If people do not have a strong desire for sobriety, it will be hard for them to maintain it. It is possible for the individual to get sober to please other people, but such recoveries tend to be short-lived. This is because staying away from alcohol and drugs is hard if people are not fully willing to do all that it takes. In order to build a successful life away from alcohol and drugs, the individual needs to be prepared to put in a great deal of effort. Those who lack willingness will not be able to summon the necessary determination. My personal experience is that willingness was key.

Call or message 1-829-932-0123 for more info or help

Willingness Defined:

Willingness can be defined as being eagerly compliant. It means doing something out of choice and not because of coercion. When people become willing to do something, it means their minds become more open and receptive. They may consider doing things that in the past may have appeared objectionable. Willingness means embracing change rather than fighting it.

Lack of Willingness and Recovery:

It is not possible for people to find success in recovery unless they are willing to put in the necessary effort. This is because such personal change will not occur unless the individual gives their permission for it to happen. Addiction is driven by a strong urge to escape reality and hide in chemical numbness. In order for recovery to take hold, there needs to be a powerful driving force supporting it. This power is provided by the willingness to change.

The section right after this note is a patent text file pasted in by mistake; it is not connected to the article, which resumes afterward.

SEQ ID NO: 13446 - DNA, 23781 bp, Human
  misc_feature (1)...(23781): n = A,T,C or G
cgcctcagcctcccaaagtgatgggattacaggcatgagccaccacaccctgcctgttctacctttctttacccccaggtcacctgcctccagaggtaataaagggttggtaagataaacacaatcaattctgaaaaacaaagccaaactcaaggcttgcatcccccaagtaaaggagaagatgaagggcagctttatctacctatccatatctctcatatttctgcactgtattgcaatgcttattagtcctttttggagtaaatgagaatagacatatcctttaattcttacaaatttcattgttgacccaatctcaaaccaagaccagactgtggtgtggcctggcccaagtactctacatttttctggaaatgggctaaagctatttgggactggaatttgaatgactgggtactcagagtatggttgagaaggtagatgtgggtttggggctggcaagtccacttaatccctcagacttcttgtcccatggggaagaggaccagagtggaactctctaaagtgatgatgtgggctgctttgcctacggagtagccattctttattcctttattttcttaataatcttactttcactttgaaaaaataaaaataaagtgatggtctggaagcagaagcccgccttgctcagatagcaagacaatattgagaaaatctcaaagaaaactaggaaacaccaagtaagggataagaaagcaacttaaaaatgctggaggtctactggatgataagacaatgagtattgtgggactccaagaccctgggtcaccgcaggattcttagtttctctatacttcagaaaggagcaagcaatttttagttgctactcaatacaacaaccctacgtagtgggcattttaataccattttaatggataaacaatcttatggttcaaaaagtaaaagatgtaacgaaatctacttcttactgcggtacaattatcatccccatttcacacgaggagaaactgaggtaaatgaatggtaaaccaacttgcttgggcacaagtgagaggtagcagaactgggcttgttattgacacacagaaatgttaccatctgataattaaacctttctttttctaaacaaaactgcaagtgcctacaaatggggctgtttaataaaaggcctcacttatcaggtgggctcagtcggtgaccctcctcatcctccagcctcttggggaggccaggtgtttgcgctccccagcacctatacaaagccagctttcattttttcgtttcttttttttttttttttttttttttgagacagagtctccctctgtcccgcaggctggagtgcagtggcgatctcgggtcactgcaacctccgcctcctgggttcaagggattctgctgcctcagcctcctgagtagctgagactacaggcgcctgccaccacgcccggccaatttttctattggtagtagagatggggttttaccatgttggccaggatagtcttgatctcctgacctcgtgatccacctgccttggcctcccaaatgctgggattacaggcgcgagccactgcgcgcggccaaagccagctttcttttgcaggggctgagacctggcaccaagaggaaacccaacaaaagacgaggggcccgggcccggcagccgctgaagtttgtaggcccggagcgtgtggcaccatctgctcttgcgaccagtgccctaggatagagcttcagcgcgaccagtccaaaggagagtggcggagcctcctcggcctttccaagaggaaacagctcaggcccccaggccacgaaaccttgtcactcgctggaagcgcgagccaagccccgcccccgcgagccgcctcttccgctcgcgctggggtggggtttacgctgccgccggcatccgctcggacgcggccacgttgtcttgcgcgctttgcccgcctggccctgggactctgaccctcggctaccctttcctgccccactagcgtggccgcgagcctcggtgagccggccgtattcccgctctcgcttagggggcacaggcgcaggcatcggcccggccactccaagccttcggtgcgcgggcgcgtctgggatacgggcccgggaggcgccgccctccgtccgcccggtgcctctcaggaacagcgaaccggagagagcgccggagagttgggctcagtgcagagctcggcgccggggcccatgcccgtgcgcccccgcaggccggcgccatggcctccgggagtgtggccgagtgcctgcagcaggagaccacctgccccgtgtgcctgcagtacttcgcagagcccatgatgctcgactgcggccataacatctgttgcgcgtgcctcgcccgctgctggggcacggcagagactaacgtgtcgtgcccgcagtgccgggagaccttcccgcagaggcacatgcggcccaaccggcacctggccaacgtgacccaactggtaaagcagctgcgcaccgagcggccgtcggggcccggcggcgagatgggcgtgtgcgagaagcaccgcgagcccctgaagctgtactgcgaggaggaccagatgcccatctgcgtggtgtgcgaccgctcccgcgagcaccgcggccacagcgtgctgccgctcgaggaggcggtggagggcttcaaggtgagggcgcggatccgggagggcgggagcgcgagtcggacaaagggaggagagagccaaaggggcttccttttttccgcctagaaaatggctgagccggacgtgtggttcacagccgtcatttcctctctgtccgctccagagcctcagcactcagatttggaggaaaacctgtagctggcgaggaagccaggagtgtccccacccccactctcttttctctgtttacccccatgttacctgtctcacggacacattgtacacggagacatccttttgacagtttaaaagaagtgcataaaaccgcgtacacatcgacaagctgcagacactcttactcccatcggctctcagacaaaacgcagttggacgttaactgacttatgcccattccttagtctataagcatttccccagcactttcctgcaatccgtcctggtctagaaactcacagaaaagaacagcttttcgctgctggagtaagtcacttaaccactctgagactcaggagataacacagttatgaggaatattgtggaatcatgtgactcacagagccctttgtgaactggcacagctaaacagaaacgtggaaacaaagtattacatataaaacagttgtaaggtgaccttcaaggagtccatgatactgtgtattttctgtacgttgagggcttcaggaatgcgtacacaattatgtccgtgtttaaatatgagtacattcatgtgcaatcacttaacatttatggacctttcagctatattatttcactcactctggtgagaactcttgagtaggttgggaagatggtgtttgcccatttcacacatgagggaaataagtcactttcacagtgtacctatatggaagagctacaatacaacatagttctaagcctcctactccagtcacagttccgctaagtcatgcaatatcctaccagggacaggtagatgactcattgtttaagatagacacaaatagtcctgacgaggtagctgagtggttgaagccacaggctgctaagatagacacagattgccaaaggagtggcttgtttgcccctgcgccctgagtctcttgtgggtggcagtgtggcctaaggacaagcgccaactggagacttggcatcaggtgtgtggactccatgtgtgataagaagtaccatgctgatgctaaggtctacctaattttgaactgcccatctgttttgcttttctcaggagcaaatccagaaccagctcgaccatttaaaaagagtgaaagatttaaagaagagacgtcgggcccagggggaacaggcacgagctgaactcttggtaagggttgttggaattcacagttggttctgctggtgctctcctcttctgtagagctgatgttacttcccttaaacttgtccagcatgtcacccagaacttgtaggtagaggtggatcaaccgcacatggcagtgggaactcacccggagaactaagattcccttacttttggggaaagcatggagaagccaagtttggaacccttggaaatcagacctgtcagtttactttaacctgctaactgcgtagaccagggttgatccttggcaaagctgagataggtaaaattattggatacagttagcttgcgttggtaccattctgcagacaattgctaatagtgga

Reasons for Lack of Willingness in Recovery:

There are a number of reasons for why the individual may lack the willingness to stay sober:

Some people will enter recovery because they feel coerced in some way. They may have decided to accept help because of pressure from family and friends and not because they really want to be sober. This usually means that this individual will be using recovery as a way to buy time. As soon as they feel that it is safe for them to return to their addiction they will do so.

Many addicts suffer from ambivalence.  This means that they have feelings, thoughts and attitudes that are contradictory. They may have a strong desire to enter recovery and escape the pain of addiction while at the same time having a strong desire to continue with the alcohol or drug abuse. Until this ambivalence towards substance abuse is resolved, it will be difficult for the individual to summon enough resolve to finally quit their addiction.

Some individuals have un-realistically high expectations of their recovery, and they become disappointed when things do not happen as expected. This disappointment may mean that their willingness to stay sober begins to wane. It takes time to rebuild a life away from alcohol and drugs, and if people have expectations that are too high, they will be let down.

The individual can become stuck in their recovery, and this is a drain on their willingness. The usual reason for why people become stuck is that they are faced with a problem that they do not want to deal with. Until they face this challenge, there can be no further progress. Instead the individual either relapses or becomes a dry drunk.

Sometimes, people in recovery will start off with a great deal of determination, but then run out of steam. This can occur if they develop the “pink cloud syndrome”. What happens is that people can become so joyful at escaping their addiction that they lost touch with reality. Staying sober begins to feel effortless, so the individual begins to take it for granted. When the pink cloud ends, and people are once again faced with reality, they can find it hard to summon up the willingness to get back on track. If the individual has expectations of recovery that are too low, they may be willing to settle for very little. This is a real shame because sobriety offers some wonderful opportunities for those people who have enough willingness and determination.